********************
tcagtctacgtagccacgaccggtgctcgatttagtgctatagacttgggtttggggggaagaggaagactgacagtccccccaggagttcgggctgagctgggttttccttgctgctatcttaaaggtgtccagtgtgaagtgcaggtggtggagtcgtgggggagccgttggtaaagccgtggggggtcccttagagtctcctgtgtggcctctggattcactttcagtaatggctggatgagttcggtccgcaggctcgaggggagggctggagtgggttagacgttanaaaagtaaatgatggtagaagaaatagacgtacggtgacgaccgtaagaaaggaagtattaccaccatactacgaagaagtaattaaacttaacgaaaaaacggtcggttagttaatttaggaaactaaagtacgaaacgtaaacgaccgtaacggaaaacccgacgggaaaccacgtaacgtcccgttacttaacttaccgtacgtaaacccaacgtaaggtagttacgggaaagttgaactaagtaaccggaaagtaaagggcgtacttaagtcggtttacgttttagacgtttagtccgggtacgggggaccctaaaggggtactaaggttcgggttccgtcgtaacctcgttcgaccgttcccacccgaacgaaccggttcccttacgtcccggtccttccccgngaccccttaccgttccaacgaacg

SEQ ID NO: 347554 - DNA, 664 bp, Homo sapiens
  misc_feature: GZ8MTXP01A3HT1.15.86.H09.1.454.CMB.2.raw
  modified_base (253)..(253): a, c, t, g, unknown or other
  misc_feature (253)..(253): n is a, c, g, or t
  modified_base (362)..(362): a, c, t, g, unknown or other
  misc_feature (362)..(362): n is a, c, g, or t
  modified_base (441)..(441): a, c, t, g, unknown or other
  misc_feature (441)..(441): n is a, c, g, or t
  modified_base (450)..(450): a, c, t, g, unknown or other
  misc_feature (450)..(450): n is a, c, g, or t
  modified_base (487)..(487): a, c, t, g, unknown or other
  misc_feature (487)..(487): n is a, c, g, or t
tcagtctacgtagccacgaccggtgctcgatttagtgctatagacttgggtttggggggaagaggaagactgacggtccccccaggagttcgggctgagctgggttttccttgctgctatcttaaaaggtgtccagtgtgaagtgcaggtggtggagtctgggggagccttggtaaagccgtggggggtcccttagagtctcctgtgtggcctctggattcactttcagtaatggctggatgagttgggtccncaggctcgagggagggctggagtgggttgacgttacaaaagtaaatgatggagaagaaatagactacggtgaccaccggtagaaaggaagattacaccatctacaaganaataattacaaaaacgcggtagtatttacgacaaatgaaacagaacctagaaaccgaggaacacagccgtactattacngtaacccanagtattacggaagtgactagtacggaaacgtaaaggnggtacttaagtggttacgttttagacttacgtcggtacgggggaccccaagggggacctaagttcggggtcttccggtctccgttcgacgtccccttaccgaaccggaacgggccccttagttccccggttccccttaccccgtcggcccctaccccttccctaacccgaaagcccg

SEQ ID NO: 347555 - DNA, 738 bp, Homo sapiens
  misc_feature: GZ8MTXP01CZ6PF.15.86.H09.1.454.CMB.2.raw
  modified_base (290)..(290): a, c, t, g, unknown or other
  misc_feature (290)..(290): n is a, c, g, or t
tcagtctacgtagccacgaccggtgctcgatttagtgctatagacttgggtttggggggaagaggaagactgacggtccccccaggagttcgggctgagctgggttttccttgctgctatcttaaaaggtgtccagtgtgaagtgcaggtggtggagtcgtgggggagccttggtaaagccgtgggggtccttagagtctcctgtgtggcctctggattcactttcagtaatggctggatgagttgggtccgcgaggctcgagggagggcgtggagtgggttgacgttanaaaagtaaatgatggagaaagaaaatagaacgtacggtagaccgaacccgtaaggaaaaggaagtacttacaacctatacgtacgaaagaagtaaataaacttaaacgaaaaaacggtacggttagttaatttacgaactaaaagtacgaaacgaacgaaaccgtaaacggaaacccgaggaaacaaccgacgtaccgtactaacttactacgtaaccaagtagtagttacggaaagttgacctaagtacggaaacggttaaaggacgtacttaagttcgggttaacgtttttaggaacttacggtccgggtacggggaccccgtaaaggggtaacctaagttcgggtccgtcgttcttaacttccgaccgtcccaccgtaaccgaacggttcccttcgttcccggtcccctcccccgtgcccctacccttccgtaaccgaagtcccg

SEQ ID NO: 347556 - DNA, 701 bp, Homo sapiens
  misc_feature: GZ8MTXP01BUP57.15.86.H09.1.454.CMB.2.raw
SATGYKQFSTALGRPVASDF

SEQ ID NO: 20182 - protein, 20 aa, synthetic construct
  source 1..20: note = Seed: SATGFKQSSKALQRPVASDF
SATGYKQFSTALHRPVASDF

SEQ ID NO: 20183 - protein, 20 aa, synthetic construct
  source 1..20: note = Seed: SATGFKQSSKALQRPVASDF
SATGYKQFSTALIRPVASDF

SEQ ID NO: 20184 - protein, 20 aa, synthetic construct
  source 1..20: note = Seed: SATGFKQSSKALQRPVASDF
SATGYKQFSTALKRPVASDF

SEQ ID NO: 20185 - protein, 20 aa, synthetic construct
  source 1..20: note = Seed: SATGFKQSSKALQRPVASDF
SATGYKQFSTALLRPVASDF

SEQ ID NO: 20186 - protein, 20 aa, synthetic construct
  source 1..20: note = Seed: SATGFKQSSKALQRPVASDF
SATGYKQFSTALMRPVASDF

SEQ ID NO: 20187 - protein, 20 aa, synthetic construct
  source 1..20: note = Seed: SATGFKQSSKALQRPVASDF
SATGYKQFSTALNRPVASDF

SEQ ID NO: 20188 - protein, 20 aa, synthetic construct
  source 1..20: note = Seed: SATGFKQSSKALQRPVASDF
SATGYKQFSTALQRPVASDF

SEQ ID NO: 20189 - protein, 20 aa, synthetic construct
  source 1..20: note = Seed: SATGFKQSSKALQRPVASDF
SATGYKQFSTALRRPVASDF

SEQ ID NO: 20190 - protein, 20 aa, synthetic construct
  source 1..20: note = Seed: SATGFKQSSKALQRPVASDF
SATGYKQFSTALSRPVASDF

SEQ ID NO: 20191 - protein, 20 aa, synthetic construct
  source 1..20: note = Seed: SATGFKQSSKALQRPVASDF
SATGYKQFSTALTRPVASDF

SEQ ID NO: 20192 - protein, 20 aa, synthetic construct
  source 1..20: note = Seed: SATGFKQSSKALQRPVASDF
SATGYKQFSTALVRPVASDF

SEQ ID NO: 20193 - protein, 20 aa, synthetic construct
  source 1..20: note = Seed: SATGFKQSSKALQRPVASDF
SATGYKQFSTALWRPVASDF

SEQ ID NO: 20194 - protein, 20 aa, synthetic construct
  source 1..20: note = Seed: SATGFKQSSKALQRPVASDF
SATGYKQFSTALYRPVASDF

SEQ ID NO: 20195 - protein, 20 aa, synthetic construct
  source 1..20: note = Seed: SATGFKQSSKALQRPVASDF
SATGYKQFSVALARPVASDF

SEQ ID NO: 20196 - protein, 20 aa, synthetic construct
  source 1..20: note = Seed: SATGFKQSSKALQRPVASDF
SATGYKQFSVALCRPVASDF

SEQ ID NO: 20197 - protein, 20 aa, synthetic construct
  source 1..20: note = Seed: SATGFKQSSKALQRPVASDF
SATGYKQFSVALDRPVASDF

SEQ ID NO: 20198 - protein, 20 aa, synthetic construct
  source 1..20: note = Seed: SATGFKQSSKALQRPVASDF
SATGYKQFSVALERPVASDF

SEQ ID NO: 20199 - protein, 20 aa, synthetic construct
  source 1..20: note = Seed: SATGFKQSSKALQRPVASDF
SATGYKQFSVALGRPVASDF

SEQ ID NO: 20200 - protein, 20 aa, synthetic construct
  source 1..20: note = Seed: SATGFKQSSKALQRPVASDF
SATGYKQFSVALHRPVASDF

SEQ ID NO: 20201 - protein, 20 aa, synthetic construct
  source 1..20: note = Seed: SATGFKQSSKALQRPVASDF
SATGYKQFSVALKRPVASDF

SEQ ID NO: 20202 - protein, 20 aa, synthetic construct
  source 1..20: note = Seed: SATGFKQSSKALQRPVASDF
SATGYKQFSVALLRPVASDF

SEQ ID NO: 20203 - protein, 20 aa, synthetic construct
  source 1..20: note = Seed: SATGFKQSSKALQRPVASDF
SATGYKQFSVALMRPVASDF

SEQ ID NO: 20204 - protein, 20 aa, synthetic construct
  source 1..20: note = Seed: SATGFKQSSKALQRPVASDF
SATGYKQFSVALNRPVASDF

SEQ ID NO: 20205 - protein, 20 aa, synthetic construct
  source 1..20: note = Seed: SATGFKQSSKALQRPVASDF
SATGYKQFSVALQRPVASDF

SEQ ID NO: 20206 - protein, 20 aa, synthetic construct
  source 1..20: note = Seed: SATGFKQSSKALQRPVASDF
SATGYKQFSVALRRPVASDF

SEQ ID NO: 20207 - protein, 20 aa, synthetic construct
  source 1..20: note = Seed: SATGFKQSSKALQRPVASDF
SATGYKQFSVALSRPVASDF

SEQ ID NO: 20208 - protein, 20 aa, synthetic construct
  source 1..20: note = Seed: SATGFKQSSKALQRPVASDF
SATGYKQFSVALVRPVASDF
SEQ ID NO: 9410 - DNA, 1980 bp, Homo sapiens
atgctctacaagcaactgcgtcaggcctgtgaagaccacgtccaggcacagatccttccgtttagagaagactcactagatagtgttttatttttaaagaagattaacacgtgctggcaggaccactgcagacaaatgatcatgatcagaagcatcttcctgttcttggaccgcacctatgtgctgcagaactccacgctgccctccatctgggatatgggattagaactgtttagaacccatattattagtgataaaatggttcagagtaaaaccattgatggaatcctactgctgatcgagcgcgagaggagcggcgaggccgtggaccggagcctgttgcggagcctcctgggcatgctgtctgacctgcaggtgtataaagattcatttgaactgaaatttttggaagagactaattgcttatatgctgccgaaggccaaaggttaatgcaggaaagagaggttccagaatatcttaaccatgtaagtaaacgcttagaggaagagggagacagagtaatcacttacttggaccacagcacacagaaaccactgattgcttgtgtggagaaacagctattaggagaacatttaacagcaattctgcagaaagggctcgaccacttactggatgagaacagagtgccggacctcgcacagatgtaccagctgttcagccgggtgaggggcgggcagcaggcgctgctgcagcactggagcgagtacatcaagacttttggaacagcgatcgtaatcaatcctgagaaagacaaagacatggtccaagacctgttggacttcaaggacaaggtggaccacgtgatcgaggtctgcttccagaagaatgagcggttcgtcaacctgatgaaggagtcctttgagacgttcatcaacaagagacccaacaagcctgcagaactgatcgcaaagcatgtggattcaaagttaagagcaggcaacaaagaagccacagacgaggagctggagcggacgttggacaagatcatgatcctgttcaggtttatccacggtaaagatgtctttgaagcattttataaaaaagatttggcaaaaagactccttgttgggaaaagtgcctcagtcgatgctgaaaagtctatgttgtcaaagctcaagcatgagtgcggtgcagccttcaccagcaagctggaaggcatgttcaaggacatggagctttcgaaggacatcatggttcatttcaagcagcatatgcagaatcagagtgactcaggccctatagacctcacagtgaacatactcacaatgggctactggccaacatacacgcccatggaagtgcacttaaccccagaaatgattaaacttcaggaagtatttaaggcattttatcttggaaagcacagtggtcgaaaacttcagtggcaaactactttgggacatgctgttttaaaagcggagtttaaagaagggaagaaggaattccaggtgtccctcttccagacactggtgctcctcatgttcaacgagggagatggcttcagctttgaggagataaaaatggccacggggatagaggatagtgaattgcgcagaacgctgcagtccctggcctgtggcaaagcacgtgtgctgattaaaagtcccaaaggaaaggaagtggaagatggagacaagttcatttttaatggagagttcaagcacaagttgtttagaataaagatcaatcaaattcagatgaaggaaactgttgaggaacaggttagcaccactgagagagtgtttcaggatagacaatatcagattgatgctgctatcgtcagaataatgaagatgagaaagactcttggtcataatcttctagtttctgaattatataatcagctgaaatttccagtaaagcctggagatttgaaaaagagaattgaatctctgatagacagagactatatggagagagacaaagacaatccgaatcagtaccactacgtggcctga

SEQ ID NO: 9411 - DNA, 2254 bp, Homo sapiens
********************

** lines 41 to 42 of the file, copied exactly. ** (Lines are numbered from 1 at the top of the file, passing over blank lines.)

SEQ ID NO: 20188 - protein, 20 aa, synthetic construct
  source 1..20: note = Seed: SATGFKQSSKALQRPVASDF